Melee mayhem: Big brawl, 8 ejected, Angels top Mariners 2-1

Getty Images
0 Comments

ANAHEIM, Calif. — When the Angels made a late decision to go with little-used reliever Andrew Wantz as their opener on the mound, the Mariners suspected they might be about to get payback for a fastball that got awfully close to Mike Trout‘s head the previous night.

The Halos insist that wasn’t their intent – and yet Wantz threw a pitch behind Julio Rodriguez’s head in the first inning and then hit Jesse Winker in the hip to start the second.

A wild, angry brawl ensued, resulting in the ejections of six players and both managers. The fracas will be remembered by both teams a whole lot longer than the Angels’ 2-1 victory over Seattle.

“That probably shouldn’t happen in the game, what happened out there today,” Seattle manager Scott Servais said. “Emotions running high, but it was pretty clear what was going on. They switched, put an opener in there to throw some balls at us. Got out of hand from there, and kind of a black eye.”

Both teams threw numerous punches in the melee that began when Winker charged the Angels’ emptying dugout after yelling at Angels interim manager Phil Nevin.

“Look, you play eight games in a matter of a week against the same team, things like this happen,” Nevin said after LA’s eighth game in 11 days against Seattle. “The scheduling, tensions, that’s baseball sometimes, unfortunately. There’s some ugly incidents once in a while. I think that’s just what happened today.”

The game was delayed about 18 minutes by the four minutes of mayhem. Along with both managers, the Angels lost Wantz, closer Raisel Iglesias and reliever Ryan Tepera, while the Mariners lost Winker, Rodriguez and J.P. Crawford – three of the first four hitters in their lineup.

“My only comment is it’s classless,” Seattle starter Marco Gonzales said. “To throw at Julio, who’s a kid, over something that happened last night when we were trying to win a ballgame in the ninth inning (and not) put the tying run on base, it’s just classless to come out and change your pitcher before the game. It’s clear. The intention is clear.”

Wantz’s pitch behind Rodriguez certainly appeared to be a response to Erik Swanson‘s 95 mph fastball near Trout’s head in the ninth inning Saturday night, a throw that infuriated the three-time AL MVP. Wantz insisted that wasn’t the case.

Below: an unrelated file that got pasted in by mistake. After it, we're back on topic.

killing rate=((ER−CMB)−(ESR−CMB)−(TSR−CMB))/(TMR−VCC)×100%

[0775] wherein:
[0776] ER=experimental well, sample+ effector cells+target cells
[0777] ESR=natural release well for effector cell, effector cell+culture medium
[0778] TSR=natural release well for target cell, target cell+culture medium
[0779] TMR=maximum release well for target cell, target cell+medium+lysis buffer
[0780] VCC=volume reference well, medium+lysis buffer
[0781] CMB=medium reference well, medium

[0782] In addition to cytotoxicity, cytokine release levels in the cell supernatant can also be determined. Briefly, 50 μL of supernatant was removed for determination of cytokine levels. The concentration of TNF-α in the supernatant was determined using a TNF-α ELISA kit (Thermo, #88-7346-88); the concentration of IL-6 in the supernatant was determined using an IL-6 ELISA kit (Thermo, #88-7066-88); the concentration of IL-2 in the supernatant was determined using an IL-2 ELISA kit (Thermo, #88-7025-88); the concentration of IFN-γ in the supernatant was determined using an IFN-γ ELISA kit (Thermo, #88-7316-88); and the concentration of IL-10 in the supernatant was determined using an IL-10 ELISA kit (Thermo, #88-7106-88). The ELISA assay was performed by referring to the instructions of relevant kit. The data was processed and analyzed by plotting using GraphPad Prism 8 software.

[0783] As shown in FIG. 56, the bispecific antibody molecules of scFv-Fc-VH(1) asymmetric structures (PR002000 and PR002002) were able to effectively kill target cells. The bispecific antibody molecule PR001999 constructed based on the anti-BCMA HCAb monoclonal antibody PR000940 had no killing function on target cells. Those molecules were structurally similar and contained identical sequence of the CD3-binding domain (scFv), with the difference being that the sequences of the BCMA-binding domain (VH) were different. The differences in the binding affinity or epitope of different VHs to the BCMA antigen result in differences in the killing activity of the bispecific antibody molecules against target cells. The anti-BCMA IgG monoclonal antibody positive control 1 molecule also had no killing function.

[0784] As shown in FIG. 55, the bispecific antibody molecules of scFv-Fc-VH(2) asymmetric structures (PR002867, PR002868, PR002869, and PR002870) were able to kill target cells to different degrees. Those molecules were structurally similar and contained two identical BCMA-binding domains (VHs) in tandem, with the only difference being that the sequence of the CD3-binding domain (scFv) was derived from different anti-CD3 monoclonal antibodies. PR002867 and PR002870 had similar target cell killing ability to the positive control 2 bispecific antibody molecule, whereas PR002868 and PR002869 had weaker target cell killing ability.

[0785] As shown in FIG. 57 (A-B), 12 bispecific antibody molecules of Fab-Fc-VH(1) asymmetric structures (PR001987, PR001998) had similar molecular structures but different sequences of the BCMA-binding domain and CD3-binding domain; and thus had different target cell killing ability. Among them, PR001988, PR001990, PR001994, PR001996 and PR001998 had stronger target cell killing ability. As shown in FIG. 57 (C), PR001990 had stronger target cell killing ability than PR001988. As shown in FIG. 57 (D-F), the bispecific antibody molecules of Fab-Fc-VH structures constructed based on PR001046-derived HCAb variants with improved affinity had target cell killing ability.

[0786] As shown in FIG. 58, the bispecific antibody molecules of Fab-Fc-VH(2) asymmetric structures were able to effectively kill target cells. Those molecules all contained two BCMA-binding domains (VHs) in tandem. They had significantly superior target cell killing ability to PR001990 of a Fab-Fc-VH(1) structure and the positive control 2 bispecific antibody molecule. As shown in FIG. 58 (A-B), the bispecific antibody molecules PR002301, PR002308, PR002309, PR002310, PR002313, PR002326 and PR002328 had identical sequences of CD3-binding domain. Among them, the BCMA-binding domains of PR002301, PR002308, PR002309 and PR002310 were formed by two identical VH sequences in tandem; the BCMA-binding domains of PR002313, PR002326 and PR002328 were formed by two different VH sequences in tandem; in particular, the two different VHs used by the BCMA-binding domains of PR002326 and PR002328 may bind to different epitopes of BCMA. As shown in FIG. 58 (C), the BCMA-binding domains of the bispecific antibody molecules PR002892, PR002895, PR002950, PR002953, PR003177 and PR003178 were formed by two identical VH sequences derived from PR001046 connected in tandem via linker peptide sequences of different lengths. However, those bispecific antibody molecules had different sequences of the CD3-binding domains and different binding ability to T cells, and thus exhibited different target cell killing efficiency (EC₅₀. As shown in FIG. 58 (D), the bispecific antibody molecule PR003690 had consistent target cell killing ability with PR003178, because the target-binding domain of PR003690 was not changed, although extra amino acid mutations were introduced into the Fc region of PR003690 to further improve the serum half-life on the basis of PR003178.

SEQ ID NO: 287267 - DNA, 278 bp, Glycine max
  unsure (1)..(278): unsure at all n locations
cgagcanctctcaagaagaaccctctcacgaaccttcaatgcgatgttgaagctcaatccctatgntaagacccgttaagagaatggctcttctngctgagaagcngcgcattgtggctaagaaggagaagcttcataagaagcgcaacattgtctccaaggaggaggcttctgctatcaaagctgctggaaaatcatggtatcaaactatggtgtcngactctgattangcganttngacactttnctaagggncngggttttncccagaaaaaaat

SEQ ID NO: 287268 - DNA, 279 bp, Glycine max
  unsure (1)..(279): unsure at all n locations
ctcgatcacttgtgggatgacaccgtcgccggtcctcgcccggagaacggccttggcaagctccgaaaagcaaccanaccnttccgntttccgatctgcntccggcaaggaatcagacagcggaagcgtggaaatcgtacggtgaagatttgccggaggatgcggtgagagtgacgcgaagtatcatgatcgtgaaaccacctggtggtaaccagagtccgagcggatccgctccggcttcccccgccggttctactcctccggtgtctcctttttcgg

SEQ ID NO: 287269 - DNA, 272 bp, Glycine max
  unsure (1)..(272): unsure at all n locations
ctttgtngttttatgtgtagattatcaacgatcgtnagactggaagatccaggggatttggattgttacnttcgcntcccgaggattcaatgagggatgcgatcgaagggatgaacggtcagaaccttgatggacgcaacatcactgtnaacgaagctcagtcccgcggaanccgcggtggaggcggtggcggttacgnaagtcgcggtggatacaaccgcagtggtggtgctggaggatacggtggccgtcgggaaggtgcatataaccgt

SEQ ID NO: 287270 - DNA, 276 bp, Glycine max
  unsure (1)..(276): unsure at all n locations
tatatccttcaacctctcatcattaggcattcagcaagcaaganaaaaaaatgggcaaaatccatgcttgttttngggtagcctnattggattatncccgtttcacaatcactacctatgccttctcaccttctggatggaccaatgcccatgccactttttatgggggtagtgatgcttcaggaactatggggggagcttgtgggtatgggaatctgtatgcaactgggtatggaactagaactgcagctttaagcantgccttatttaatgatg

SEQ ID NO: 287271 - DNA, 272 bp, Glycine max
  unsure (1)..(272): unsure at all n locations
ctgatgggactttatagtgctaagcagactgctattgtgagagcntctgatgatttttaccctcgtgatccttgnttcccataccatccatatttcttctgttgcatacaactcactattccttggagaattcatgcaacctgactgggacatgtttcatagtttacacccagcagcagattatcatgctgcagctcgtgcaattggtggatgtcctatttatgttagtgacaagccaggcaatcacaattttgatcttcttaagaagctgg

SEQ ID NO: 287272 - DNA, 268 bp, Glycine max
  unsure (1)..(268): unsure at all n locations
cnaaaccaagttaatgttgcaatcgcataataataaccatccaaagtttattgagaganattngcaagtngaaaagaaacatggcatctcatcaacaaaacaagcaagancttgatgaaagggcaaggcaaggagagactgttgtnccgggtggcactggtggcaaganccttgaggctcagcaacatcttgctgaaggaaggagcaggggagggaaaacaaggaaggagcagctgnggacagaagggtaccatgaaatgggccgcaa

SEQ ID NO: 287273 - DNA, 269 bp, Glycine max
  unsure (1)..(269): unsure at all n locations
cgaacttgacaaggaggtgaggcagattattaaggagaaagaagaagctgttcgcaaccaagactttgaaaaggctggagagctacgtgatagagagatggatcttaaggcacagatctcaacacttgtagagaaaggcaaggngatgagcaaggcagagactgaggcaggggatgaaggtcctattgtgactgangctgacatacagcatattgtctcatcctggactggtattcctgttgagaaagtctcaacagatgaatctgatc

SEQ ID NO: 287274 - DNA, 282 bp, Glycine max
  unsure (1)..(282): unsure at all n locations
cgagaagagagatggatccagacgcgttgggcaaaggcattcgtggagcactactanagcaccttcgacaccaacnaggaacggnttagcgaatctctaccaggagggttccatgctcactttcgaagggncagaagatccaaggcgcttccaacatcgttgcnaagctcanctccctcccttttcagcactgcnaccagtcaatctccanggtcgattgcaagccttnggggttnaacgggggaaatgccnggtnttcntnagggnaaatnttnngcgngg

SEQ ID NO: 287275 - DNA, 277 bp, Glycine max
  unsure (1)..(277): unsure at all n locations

“I was pretty amped up for my first start, and the first one just got away from me,” Wantz said. “It was sweaty. I was sweating. First day game I’ve pitched in (in the majors), and that’s that. Second one to Winker was a cut fastball inside and (I) just yanked it. That’s all I’ve got to say.”

Umpires issued warnings to both dugouts after Wantz’s pitch behind Rodriguez, but Winker and the Angels set it off an inning later, with both benches and bullpens emptying. Servais and Gonzales both felt the umpires erred by not ejecting Wantz immediately.

“I’m not aware of the incident with Trout from last night,” crew chief Adrian Johnson told a pool reporter. “You’re talking about the pitch that went over his head. That was nothing for us to issue warnings today. What happened today was a guy got hit. We had warnings in.”

Injured Angels star Anthony Rendon threw an open left hand to Winker’s face during the scuffle, notable because his right hand is in a cast: The Halos’ $245 million third baseman is already out for the year for the second straight season.

When Winker finally left the field, he made obscene gestures with both hands at the jeering Angels fans behind Seattle’s dugout.

“The only thing I’m going to apologize for is flipping the fans off,” Winker said. “That’s it. As fans, they’re spending their hard-earned money to come watch us play a game, and they didn’t deserve that, so I apologize to the fans, especially the women and children.”